Tags

Culture

Culture rests at the core of how people live their lives and experience the world. Pulitzer Center grantee stories tagged with “Culture” feature reporting that covers knowledge, belief, art, morals, law and customs. Use the Pulitzer Center Lesson Builder to find and create lesson plans on culture.

 

A Few Things to Know About Why Treaties Matter

The U.S. has ratified more than 370 treaties with American Indian nations. Yet many Americans know little about the treaties that shaped, and continue to impact, the country today.

Manipur: Portraits of Resilience

Portraits of Resilience takes viewers up close to nine individuals to understand the delicate relationship between the Meiteis and the Loktak Wetland as well as their fight for survival.

A Visit to Narok

Journalist Janelle Richards traveled to Narok, a mostly Maasai area located a few hours from Nairobi. In this blog post she writes about her experience conducting interviews in the area.

Pulitzer Center journalists cover Afghanistan

Tatum Taylor, Pulitzer Center

As the post-election drama continues and publicity over the US military's counterinsurgency strategies grows, journalists are increasingly turning their attention towards Afghanistan. Pulitzer Center journalists have been consistently reporting from Afghanistan in order to inform the conversation, and we wanted to share with you the range of their work.

Yes Weekly: Dawes and Simmonds’ genius elevates Hope Wisteria to unimaginable heights

Near the finale of Wisteria, a multimedia performance based on Kwame Dawes' poems about the memories and experiences of African-American women growing up in the segregated South, Dawes stepped away from the microphone inside Hanes Auditorium on the campus of Salem College. He then gazed upon the five singers, musical collaborator Kevin Simmonds and the seven-member ensemble that helped bring his poems to life with a look that could best be described as a mixture of reverence and pride.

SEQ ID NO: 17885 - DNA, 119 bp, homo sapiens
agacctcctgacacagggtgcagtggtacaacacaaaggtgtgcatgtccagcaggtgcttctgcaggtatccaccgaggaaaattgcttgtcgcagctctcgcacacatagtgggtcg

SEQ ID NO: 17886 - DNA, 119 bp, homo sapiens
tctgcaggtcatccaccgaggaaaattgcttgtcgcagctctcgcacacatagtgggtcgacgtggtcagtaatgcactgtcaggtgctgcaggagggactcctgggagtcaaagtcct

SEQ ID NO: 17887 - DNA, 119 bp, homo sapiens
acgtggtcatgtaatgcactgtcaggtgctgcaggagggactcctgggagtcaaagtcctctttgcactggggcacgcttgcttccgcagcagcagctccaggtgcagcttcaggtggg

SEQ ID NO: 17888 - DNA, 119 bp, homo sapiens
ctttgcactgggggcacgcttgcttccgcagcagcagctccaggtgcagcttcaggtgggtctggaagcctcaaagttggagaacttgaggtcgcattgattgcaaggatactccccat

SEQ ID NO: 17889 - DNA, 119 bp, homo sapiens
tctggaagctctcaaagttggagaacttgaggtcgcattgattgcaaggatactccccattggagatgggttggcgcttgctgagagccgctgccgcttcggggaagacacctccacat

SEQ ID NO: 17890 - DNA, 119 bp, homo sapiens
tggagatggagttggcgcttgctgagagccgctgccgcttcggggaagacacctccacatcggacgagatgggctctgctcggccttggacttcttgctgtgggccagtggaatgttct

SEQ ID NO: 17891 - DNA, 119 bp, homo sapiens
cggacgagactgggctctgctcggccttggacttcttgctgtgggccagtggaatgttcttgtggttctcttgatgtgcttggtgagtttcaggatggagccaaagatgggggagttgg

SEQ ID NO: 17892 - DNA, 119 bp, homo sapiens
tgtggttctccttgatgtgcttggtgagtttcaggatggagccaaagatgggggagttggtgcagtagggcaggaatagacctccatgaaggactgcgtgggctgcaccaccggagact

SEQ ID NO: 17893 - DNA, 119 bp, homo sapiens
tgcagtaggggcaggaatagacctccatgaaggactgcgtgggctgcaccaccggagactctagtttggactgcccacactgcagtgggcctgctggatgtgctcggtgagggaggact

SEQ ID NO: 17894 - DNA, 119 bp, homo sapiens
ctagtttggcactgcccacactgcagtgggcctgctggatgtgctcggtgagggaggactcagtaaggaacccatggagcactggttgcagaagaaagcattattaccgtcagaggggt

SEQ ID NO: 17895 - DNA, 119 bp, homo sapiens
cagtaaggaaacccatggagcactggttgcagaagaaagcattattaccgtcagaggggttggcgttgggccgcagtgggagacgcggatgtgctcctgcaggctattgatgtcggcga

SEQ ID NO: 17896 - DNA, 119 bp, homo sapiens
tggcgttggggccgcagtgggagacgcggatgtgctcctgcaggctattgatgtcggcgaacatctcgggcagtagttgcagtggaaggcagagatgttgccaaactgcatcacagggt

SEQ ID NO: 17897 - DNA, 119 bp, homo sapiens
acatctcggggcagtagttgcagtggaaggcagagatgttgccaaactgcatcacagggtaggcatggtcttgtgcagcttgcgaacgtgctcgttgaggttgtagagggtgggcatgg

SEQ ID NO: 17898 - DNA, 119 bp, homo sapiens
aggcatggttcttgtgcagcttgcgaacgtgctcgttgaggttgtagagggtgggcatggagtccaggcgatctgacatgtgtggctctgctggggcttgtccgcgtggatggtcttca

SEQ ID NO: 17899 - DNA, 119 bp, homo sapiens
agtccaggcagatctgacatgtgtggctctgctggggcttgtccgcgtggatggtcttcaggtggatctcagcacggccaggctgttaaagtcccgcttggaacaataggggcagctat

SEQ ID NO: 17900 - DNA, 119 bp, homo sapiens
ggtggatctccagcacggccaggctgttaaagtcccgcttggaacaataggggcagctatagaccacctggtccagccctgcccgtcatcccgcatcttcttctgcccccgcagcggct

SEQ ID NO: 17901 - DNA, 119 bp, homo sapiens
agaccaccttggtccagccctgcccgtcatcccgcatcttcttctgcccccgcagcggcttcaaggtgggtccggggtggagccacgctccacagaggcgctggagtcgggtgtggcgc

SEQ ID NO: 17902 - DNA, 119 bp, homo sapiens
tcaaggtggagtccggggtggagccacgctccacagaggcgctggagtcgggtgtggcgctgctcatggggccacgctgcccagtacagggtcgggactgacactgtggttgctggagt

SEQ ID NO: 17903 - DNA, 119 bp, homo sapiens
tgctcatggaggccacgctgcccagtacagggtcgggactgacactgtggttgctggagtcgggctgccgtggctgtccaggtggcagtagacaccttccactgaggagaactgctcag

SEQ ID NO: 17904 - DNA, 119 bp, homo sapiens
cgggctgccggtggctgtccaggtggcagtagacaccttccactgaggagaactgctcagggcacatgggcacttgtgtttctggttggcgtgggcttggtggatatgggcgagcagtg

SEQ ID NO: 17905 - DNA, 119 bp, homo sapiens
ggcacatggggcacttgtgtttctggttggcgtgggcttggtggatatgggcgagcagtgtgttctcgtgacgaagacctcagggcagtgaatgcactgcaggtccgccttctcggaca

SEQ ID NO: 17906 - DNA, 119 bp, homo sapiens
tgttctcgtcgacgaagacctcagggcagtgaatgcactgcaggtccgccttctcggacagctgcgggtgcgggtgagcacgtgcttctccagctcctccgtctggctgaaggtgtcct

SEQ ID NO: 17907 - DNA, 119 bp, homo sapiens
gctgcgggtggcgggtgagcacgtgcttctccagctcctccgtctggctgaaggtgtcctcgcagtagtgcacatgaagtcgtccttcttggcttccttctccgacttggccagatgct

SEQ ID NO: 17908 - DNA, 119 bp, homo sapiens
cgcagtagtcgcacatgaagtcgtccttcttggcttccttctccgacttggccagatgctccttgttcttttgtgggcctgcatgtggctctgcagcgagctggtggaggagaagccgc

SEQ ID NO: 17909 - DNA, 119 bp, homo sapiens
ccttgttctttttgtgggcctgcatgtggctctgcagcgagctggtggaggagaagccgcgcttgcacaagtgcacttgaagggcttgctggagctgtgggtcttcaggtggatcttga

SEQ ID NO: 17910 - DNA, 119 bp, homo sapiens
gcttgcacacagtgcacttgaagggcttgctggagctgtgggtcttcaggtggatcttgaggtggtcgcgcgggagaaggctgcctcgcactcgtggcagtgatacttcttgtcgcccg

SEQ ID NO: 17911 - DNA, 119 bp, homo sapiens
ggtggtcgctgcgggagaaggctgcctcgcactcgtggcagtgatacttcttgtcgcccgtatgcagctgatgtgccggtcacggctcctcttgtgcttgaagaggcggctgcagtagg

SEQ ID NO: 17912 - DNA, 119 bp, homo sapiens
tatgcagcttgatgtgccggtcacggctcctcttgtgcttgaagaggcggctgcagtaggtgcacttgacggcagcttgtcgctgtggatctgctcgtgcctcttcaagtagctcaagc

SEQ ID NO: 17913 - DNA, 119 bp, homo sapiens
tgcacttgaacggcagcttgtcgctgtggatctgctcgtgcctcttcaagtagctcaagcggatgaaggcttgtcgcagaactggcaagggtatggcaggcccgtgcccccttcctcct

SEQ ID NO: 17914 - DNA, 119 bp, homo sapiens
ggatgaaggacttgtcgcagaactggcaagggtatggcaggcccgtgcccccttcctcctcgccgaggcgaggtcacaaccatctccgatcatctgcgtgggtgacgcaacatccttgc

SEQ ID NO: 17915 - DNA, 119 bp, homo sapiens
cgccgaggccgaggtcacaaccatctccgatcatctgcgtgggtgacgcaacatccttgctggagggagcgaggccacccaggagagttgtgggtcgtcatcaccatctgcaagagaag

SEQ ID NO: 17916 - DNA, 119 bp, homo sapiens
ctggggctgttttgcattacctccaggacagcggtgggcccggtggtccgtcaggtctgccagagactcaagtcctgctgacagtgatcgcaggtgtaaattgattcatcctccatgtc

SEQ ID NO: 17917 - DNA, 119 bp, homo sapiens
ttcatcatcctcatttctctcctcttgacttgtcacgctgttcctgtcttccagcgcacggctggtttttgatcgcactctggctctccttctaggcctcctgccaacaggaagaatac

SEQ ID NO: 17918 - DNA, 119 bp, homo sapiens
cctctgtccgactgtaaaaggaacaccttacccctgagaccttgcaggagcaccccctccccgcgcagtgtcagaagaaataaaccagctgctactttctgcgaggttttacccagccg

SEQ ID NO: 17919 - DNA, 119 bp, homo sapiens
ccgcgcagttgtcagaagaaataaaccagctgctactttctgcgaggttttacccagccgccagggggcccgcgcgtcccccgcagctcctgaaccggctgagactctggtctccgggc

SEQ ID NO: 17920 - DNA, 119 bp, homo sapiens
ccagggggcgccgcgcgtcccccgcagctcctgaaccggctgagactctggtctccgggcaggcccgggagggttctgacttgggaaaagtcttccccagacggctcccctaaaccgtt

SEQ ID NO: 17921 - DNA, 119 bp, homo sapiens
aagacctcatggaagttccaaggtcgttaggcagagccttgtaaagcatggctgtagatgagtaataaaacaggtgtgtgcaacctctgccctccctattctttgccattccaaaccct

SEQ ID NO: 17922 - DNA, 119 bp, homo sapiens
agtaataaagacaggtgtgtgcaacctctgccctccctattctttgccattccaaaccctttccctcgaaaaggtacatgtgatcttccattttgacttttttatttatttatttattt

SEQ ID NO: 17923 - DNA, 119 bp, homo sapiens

Wisteria & HOPE review in the Winston-Salem Journal

Grand: The piece makes a wonderful whole

Pulitzer Center

Tim Clodfelter, The Winston-Salem Journal

Poet Kwame Dawes provided the words for HOPE & Wisteria, two back-to-back performance pieces that explore different aspects of the black experience. But his contribution, vital as it is, is only one part of the puzzle. Each production is a multimedia piece using music, images and Dawes' poetry.

"A feast for the eyes and ears," Wisteria & HOPE in the News and Observer

WINSTON-SALEM -- Poetry, music and photography combine to explore HIV/AIDS in Jamaica and the experiences of Southern black women in "Wisteria & HOPE," a dual production tonight at the National Black Theatre Festival.

The evening opens with "Wisteria," based on a series of poems that Kwame Dawes, the University of South Carolina distinguished poet, wrote in 1995 to document the lives of African-American women.

HOPE: Excerpts from the National Black Theatre Festival

HOPE is a multimedia performance based on poems by Kwame Dawes, poet in residence at the University of South Carolina and set to music by composer Kevin Simmonds. The work grew out of a Pulitzer Center commission to report on the impact of HIV/AIDS on Jamaica, the country where Kwame Dawes grew up. While in Jamaica Dawes wrote poems in response to the stories he heard.

Wisteria & HOPE on the cover of Winston-Salem Journal's Relish section

Published: July 30, 2009

Images, music and the words of poet Kwame Dawes will be featured in two multimedia productions being shown together as part of this year's National Black Theatre Festival.

Wisteria is about a group of women who grew up in the American South in the years before the civil rights movement. HOPE: Living & Loving With HIV in Jamaica follows people coping with HIV/AIDS in modern day.

Kwame Dawes launches Hope's Hospice

Join Kwame Dawes on July 12 to celebrate the launch of his new book of poetry, Hope's Hospice, inspired by the people he met while reporting on HIV/AIDS in Jamaica for the Pulitzer Center. The event will be held at 11 am at the University of the West Indies in Mona, Jamaica.

Kwame Dawes' work will also be showcased at the National Black Theatre Festival in Winston-Salem, NC on August 6 and 7. Learn more about this event and how to attend.